Things are looking up for wing-themed Fairy Tale Festival

By: K. Michelle Moran | Grosse Pointe Times | Published June 16, 2015

 Kids and parents enjoy a variety of activities during a previous Fairy Tale Festival on the grounds of the Edsel and Eleanor Ford House in Grosse Pointe Shores. This year’s festival takes place June 27.

Kids and parents enjoy a variety of activities during a previous Fairy Tale Festival on the grounds of the Edsel and Eleanor Ford House in Grosse Pointe Shores. This year’s festival takes place June 27.

Photo provided by the Edsel and Eleanor Ford House

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GROSSE POINTE SHORES — Attendees of this year’s Fairy Tale Festival should be ready to go on a high-flying adventure.


The fifth annual festival — which takes place from 10 a.m.-2 p.m. June 27 on the grounds of the Edsel and Eleanor Ford House in Grosse Pointe Shores — is titled “Things with Wings: Fairy Tales at Ford House.” Along those lines, organizers plan to introduce creatures, characters and creations that fly, from planes to fairies to birds to caped superheroes.


Highlights this year include performances by Magic Carpet Theatre and Grosse Pointe Theatre’s Youth on Stage, radio-controlled airplane demonstrations, soaring on an air jumper, a bat demonstration by Cranbrook Institute of Science’s Organization for Bat Conservation, roving characters played by members of All the World’s a Stage, crafts and music by Grosse Pointe Mompreneurs, stories in the gardens, face painting, a contained beehive demonstration, games and more.

At 11 a.m. in the New Garden, Ford House Associate Vice President for Education and Visitor Experience Megan Wood said, there will be a butterfly release of about 300 native Michigan species, including monarchs. The Michigan Native Butterfly Farm, which is coordinating the release, will be on hand with an informational display.

With multiple gardens near the butterfly release site, “It’s a great environment for them,” Wood said.


The Grosse Pointe Public Library’s summer reading program theme is superheroes, and the GPPL and Friends of the Grosse Pointe Public Library will be giving away books to children during the festival, Wood said.

“Always, we’re looking at early literacy and reading among families,” she said. “(This is) about having a safe, fun family event that has some educational value to it and continues to show families in the area that (the Ford House) is a place for them.”


The concept for this year’s festival came about last year when the Grosse Pointe Chamber of Commerce announced plans for a butterfly bench fundraiser for its nonprofit Grosse Pointe Chamber Foundation. The benches, which have been decorated by local artists, will be placed around the Pointes this summer and will be auctioned off this fall.


“Using that as the inspiration … we (knew we) would be able to draw from a lot of storybooks,” Wood said. These include time-honored tales like “The Ugly Duckling” and “The Very Hungry Caterpillar,” along with more modern classics like “How to Train Your Dragon.”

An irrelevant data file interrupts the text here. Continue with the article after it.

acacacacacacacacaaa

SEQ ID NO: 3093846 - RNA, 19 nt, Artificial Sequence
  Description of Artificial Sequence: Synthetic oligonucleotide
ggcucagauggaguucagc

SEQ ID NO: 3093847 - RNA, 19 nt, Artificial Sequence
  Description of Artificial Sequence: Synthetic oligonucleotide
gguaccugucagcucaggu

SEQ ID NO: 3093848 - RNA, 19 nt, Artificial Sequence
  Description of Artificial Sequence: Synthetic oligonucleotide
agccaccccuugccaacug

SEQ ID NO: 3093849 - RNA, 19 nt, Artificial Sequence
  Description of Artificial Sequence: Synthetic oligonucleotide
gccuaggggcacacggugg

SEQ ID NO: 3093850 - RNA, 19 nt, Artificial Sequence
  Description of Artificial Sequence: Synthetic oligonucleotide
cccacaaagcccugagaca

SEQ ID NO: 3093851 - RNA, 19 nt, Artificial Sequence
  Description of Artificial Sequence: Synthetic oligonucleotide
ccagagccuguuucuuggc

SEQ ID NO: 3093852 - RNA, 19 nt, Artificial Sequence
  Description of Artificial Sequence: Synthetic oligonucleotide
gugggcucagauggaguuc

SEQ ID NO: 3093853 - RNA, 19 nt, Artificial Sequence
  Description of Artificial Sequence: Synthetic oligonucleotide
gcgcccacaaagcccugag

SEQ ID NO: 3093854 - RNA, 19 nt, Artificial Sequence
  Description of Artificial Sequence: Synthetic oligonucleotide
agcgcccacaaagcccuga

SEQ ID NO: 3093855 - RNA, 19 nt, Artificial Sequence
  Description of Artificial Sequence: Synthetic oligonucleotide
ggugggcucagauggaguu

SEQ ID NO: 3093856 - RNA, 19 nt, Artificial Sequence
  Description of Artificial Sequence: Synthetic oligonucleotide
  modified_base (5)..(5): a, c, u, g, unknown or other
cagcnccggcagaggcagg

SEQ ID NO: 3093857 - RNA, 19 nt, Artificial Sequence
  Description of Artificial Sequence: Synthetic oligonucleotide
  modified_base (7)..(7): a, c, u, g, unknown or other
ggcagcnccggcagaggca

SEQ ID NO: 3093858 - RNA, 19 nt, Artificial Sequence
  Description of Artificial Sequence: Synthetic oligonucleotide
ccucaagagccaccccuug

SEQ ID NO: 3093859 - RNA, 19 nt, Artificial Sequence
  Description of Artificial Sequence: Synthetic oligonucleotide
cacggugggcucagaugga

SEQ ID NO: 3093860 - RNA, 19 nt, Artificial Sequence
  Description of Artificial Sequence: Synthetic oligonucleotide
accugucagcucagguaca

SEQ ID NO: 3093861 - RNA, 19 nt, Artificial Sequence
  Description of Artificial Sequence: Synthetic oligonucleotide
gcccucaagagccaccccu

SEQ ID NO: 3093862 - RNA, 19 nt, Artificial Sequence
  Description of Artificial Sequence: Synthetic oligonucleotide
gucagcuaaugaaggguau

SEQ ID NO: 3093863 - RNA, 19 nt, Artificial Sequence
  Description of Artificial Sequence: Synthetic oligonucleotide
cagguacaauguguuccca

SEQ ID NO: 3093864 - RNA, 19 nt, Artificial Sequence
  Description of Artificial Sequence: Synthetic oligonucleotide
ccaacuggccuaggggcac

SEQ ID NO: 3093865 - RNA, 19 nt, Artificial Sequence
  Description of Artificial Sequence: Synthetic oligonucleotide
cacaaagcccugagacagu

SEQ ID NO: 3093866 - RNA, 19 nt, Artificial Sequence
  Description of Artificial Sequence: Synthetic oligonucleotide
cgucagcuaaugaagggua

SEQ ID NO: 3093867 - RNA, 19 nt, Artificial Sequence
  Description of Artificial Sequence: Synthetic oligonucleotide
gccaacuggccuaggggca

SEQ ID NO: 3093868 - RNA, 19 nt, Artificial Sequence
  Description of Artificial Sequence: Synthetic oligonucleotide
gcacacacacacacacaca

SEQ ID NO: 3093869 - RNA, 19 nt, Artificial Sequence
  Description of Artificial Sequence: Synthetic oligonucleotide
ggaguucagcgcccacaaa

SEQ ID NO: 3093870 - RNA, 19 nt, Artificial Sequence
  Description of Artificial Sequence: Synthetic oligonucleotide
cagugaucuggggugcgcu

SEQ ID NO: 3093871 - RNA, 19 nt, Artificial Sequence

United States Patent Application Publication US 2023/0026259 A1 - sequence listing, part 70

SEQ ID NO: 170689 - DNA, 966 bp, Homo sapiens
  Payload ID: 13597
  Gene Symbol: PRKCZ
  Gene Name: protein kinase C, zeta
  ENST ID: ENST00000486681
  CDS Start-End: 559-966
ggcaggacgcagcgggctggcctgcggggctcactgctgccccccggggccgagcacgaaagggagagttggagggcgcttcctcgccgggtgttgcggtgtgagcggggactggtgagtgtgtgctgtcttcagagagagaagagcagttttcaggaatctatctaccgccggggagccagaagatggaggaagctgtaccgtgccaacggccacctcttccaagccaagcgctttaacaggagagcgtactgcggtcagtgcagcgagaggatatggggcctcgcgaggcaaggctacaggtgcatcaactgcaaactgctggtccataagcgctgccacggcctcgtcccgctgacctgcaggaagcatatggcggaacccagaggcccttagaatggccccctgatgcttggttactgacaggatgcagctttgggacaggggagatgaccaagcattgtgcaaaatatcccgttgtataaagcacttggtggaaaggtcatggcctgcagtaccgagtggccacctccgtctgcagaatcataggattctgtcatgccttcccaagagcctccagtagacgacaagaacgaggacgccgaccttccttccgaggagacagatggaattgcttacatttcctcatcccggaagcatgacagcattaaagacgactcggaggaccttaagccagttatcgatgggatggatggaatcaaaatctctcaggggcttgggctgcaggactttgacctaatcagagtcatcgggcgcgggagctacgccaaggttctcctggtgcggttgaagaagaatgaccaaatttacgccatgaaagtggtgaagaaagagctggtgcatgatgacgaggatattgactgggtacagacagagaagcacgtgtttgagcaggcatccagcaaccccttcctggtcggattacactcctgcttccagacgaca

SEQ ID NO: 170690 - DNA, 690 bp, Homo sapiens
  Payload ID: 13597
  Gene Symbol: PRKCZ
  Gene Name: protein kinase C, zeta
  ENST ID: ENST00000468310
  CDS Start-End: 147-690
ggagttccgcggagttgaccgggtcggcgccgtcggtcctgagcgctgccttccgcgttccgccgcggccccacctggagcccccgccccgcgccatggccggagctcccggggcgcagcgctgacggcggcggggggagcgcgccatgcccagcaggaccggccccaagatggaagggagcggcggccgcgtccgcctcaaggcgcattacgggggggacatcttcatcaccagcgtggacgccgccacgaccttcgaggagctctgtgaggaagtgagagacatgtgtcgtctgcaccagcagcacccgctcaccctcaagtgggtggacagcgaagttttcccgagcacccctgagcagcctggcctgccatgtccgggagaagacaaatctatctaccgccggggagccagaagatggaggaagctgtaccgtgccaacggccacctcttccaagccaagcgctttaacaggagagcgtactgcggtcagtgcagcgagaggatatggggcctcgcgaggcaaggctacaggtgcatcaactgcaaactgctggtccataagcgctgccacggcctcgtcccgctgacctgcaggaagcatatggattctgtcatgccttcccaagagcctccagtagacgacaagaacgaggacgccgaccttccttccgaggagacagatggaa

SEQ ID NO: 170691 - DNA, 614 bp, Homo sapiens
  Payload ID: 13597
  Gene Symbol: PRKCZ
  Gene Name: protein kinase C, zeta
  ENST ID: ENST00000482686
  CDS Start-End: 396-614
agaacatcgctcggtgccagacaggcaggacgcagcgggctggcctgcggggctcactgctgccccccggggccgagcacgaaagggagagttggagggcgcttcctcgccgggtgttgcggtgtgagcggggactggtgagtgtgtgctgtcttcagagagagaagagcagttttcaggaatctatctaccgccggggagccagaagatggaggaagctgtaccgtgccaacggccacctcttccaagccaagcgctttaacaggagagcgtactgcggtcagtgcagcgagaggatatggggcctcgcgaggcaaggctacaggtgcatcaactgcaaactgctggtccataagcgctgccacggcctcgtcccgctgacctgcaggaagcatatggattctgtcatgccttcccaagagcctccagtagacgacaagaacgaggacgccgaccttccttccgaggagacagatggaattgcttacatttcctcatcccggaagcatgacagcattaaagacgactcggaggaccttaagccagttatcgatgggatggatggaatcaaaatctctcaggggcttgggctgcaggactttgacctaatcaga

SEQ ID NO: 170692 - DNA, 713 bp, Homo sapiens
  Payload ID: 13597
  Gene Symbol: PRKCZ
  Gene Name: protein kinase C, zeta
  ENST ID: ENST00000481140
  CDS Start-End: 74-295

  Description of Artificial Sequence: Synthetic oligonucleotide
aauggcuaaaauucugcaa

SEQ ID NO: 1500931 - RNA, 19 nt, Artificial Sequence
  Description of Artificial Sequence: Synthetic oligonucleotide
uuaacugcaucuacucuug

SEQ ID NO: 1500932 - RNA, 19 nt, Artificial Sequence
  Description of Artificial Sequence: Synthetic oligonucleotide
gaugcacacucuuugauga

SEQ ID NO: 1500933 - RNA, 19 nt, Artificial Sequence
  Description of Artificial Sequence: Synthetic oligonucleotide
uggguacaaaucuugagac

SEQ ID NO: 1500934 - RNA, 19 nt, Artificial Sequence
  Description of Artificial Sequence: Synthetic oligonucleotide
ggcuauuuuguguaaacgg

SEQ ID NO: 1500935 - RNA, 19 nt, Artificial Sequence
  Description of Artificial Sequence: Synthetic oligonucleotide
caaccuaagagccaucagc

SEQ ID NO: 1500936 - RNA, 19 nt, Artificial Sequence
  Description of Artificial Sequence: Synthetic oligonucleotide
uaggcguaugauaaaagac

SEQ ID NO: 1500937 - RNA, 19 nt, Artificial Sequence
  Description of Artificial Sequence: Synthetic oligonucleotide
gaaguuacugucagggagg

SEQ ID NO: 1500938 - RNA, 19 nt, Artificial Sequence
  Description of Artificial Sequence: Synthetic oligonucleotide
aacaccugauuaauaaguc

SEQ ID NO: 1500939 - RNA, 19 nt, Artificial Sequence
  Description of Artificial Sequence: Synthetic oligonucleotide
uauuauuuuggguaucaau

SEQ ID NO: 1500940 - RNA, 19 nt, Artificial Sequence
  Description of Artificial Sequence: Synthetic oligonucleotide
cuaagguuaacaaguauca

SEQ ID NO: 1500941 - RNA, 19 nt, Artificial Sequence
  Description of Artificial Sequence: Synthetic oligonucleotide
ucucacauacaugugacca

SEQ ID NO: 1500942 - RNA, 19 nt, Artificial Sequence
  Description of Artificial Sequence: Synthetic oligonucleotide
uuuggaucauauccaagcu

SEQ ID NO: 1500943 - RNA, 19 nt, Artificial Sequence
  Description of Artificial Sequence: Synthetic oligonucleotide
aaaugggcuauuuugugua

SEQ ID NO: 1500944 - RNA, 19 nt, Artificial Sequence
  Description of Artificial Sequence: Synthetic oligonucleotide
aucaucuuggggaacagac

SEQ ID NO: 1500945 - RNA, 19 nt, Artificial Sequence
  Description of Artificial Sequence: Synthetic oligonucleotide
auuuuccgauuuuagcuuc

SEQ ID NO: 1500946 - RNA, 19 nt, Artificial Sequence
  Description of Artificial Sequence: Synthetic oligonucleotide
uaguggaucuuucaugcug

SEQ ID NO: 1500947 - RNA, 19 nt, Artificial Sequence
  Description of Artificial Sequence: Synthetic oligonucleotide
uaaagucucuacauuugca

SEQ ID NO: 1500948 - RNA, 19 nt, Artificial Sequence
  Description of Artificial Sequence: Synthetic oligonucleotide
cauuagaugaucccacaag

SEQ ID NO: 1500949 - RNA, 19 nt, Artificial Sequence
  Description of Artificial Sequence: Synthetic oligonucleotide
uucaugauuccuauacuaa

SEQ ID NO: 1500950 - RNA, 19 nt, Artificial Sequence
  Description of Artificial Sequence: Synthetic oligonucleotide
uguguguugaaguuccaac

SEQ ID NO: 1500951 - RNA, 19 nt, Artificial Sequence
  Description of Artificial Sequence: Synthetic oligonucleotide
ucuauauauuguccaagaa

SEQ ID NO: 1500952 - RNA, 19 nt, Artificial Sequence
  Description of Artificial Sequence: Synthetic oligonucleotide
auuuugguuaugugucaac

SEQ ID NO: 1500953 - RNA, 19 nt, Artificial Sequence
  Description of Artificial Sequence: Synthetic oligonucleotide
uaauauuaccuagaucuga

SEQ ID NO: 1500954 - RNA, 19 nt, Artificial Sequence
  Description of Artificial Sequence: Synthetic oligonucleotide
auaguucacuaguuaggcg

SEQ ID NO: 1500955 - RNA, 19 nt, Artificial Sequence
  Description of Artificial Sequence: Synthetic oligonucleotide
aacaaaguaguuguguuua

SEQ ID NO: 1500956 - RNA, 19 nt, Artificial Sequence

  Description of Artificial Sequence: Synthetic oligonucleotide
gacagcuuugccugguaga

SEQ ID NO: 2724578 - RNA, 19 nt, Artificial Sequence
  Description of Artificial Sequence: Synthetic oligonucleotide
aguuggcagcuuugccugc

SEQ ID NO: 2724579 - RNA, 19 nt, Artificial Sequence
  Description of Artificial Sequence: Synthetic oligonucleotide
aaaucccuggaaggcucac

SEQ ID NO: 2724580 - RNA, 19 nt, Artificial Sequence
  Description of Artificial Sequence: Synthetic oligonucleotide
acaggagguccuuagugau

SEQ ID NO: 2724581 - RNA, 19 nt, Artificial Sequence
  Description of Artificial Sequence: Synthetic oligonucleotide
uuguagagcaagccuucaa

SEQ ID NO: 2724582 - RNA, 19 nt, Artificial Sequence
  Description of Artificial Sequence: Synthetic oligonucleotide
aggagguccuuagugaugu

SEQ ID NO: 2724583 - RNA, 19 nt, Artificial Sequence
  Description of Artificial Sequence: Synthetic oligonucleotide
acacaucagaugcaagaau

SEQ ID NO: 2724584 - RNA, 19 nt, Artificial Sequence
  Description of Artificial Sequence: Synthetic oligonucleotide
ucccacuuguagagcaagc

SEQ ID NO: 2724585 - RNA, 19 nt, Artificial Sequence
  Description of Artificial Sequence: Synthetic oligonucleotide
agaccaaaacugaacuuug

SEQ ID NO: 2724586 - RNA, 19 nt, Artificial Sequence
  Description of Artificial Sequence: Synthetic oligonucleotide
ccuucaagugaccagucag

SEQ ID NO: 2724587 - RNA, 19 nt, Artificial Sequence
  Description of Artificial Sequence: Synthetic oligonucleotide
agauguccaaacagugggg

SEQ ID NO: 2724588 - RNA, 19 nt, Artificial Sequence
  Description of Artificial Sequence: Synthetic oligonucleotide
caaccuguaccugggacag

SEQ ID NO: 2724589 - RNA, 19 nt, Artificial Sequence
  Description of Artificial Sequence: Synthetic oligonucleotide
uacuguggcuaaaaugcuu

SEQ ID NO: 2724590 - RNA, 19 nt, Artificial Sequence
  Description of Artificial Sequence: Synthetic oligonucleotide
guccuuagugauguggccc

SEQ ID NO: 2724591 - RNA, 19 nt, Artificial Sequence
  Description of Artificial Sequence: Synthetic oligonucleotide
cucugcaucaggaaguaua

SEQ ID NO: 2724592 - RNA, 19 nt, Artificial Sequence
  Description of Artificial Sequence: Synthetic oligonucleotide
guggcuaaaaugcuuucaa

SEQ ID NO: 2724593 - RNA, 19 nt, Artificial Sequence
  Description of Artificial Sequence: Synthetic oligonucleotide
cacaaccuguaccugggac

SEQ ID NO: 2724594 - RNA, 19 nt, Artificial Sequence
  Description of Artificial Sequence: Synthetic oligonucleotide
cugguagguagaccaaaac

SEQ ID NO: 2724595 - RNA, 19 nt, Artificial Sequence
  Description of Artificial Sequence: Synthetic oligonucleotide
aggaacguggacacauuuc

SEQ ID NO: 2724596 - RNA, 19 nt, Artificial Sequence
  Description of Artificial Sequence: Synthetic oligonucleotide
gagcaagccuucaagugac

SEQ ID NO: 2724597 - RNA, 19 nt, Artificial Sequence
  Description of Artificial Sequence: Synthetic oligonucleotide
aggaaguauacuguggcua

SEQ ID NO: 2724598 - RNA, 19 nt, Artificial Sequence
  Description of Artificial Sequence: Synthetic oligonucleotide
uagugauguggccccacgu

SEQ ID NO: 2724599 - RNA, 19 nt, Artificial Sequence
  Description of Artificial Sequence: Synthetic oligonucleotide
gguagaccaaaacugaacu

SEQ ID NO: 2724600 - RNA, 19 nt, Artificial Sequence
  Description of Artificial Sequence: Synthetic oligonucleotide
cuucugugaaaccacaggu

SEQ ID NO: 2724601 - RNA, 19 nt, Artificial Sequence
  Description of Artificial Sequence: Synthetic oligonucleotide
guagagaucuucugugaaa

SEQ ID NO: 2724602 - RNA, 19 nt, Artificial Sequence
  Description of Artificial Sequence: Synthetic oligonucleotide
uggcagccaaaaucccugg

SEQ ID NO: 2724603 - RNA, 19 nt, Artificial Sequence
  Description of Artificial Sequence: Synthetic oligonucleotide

“All of the benches will be here for the festival, and it’s the only time people will be able to see them all at once,” said Ann Fitzpatrick, vice president of communications at the Ford House.


Unlike previous festivals, this one isn’t accompanied by a related art exhibition.


From past festivals, organizers discovered “that people wanted to be actively” engaging in programs, Fitzpatrick said.


While there isn’t an exhibition to see, visitors will have plenty of reasons to return throughout the summer, as there are special events related to “Things with Wings” all season, including daily nature discovery activities for children from June 28-Aug. 30; “Things with Wings” weekends from July 11-Aug. 30 that include crafts and stories; a fairy garden design class at 10 a.m. July 25; and a family bird walk at 9 a.m. Aug. 22. Adults are invited to create a winged ceramic artwork with Pewabic instructors, accompanied by wine and cheese, at 6 p.m. July 16 and Aug. 13. The classes require advance reservations.


The Ford House’s Cotswold Café won’t be open, but “there’s food (available for purchase) on-site and plenty of water stations (around the grounds to buy water),” Fitpatrick said. Attendees also can bring their own water.


Organizers recommend using a running stroller to get through the sometimes rough terrain, as well as bringing sunscreen and mosquito repellant. Some families bring wagons, as well. Comfortable shoes and clothing appropriate for outdoor activity are encouraged. Some children like to come to the festival in costumes.


The festival is recommended for children ages 2-10. Fitzpatrick said attendance is usually around 2,000 for the day.


“We’re always about providing opportunities for families to make memories together, because the Ford family was all about making memories,” she said. “And for a lot of families, this is their first visit to a historic site, and that can be intimidating, so this is … (an event that’s) welcoming.”


Tickets for the Fairy Tale Festival cost $12 in advance or $15 at the door. The Ford House is located at 1100 Lake Shore in Grosse Pointe Shores, between Vernier and Nine Mile roads. For reservations or more information, call (313) 882-4222 or visit www.FordHouse.org.

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